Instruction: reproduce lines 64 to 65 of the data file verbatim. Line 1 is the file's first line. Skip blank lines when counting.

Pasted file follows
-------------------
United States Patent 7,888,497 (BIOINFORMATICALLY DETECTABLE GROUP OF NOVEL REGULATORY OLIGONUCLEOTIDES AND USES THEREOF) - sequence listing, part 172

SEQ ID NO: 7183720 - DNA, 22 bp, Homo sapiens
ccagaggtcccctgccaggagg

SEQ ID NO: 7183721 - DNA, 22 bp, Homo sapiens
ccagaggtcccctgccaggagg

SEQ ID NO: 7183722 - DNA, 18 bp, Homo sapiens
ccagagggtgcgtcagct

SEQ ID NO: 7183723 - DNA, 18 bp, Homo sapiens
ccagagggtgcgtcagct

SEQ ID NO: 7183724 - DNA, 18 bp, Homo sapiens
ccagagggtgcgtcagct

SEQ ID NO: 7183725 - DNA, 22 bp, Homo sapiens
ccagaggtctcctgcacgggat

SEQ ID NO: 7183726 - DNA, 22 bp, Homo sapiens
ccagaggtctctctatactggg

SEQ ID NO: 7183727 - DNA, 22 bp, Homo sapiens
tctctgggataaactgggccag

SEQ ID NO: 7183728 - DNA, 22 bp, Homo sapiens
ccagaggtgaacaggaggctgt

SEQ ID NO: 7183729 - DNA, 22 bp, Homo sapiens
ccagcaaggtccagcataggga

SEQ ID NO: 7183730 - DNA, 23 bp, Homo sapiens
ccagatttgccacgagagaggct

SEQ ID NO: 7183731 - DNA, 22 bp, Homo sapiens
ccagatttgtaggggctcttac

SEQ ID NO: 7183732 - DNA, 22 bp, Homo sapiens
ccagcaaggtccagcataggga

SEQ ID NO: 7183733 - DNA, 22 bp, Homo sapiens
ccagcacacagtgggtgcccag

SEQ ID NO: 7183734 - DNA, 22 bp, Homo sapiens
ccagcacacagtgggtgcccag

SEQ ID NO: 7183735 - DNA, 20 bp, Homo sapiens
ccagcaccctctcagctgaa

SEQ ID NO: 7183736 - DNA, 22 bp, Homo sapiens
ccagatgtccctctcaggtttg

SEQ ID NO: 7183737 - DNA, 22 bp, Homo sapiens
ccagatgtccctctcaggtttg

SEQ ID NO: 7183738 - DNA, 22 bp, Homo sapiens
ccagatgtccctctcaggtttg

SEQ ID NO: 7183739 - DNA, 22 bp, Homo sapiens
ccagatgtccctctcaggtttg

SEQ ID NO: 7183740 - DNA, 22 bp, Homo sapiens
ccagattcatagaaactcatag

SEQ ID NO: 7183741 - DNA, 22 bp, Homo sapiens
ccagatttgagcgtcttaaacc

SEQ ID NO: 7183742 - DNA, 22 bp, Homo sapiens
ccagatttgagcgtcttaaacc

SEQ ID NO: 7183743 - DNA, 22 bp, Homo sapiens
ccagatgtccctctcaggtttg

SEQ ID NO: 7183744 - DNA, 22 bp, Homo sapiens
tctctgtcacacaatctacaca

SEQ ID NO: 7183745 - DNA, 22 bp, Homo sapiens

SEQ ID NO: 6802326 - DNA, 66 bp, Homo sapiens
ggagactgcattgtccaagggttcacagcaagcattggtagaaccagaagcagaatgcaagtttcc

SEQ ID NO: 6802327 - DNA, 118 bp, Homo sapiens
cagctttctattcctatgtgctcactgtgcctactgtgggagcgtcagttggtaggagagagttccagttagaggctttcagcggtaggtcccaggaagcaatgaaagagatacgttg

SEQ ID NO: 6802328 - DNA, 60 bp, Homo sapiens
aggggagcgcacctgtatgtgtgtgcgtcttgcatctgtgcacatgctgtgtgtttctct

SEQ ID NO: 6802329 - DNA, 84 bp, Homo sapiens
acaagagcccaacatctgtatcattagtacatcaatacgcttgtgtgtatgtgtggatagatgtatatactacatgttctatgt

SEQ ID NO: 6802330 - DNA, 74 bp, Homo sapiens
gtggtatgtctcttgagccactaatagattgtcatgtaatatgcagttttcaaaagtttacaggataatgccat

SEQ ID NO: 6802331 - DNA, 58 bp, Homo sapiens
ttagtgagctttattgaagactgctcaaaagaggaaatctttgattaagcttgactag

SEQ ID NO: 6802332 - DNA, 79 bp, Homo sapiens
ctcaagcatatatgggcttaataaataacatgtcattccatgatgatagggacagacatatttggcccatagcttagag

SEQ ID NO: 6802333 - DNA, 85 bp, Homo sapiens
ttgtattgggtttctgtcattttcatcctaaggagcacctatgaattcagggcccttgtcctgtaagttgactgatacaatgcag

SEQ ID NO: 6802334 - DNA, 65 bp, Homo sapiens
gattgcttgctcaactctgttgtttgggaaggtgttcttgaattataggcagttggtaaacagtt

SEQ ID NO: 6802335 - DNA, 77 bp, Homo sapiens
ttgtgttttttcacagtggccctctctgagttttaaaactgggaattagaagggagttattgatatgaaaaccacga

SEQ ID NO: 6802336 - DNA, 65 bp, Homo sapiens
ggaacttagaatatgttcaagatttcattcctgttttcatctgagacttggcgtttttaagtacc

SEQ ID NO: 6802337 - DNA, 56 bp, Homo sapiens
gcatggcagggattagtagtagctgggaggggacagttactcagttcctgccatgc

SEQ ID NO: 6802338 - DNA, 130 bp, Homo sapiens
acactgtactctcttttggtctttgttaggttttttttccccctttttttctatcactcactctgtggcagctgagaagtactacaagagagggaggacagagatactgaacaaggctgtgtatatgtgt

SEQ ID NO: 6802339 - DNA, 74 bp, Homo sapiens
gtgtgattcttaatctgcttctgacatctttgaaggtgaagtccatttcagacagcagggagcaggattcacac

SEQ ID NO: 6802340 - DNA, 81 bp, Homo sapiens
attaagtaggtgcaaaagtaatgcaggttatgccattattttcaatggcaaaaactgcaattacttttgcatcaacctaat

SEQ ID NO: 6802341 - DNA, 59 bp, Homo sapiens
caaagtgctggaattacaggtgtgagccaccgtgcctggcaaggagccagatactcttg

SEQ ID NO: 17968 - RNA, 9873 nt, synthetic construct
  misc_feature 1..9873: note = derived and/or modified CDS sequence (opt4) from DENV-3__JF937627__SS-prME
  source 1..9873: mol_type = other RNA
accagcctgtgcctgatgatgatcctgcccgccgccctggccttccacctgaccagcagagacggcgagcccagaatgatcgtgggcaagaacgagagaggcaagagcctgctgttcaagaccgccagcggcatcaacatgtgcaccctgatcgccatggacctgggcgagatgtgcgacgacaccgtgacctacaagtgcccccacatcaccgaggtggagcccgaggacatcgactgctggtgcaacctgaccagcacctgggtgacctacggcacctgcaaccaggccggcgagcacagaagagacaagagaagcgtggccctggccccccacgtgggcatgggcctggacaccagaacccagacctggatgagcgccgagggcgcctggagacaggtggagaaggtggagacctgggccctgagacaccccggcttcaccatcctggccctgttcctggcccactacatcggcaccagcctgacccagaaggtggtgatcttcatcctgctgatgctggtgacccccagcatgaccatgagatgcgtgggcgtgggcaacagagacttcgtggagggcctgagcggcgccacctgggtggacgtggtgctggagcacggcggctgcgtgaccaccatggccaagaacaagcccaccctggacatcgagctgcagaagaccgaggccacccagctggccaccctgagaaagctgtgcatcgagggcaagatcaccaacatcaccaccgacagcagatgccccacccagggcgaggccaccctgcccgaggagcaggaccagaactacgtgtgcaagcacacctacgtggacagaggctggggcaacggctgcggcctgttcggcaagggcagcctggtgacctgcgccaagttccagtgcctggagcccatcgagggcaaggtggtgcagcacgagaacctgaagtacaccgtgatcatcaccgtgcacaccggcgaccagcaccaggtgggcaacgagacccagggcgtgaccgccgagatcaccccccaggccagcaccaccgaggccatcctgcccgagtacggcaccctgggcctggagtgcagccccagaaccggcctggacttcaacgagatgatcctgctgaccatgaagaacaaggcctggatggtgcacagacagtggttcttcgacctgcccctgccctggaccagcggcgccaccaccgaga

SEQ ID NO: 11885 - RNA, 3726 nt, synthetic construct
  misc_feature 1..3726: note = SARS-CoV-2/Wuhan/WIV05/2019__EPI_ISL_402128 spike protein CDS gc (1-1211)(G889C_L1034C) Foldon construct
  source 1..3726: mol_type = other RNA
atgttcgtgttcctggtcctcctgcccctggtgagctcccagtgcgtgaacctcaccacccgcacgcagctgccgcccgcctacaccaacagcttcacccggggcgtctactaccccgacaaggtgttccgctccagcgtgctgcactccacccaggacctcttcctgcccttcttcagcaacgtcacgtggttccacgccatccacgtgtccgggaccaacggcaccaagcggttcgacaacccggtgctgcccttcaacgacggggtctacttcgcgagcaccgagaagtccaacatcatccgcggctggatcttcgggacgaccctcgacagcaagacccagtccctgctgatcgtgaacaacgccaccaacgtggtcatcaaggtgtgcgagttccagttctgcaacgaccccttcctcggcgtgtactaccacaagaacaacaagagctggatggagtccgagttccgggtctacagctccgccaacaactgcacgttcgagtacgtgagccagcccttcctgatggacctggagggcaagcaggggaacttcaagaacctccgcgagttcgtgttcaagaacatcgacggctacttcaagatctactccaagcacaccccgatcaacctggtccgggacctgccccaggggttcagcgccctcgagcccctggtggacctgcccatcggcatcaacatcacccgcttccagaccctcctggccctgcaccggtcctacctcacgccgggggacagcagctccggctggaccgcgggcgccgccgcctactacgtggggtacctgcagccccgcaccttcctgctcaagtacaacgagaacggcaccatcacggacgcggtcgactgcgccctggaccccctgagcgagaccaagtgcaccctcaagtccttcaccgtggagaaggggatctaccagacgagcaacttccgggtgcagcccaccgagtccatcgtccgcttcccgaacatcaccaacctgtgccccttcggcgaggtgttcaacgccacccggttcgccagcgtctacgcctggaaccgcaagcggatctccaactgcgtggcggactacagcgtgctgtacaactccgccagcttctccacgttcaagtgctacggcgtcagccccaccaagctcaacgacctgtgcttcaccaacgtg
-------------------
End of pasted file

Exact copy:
ttagtgagctttattgaagactgctcaaaagaggaaatctttgattaagcttgactag

SEQ ID NO: 6802332 - DNA, 79 bp, Homo sapiens